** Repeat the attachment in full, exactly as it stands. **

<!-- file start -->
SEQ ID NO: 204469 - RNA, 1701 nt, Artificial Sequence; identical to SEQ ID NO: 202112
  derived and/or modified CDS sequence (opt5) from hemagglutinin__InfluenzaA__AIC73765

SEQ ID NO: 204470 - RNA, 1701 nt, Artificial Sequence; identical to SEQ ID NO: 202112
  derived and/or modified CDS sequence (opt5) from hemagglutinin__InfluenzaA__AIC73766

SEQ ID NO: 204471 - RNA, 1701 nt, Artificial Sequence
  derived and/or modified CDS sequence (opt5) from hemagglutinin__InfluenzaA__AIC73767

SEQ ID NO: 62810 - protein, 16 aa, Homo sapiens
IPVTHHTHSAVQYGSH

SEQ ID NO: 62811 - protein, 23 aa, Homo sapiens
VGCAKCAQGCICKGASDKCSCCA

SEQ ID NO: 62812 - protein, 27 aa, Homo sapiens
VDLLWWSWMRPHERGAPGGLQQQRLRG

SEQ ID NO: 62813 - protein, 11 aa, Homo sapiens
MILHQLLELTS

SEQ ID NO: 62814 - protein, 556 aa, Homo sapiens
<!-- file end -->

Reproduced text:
SEQ ID NO: 204469 - RNA, 1701 nt, Artificial Sequence; identical to SEQ ID NO: 202112
  derived and/or modified CDS sequence (opt5) from hemagglutinin__InfluenzaA__AIC73765

SEQ ID NO: 204470 - RNA, 1701 nt, Artificial Sequence; identical to SEQ ID NO: 202112
  derived and/or modified CDS sequence (opt5) from hemagglutinin__InfluenzaA__AIC73766

SEQ ID NO: 204471 - RNA, 1701 nt, Artificial Sequence
  derived and/or modified CDS sequence (opt5) from hemagglutinin__InfluenzaA__AIC73767

SEQ ID NO: 62810 - protein, 16 aa, Homo sapiens
IPVTHHTHSAVQYGSH

SEQ ID NO: 62811 - protein, 23 aa, Homo sapiens
VGCAKCAQGCICKGASDKCSCCA

SEQ ID NO: 62812 - protein, 27 aa, Homo sapiens
VDLLWWSWMRPHERGAPGGLQQQRLRG

SEQ ID NO: 62813 - protein, 11 aa, Homo sapiens
MILHQLLELTS

SEQ ID NO: 62814 - protein, 556 aa, Homo sapiens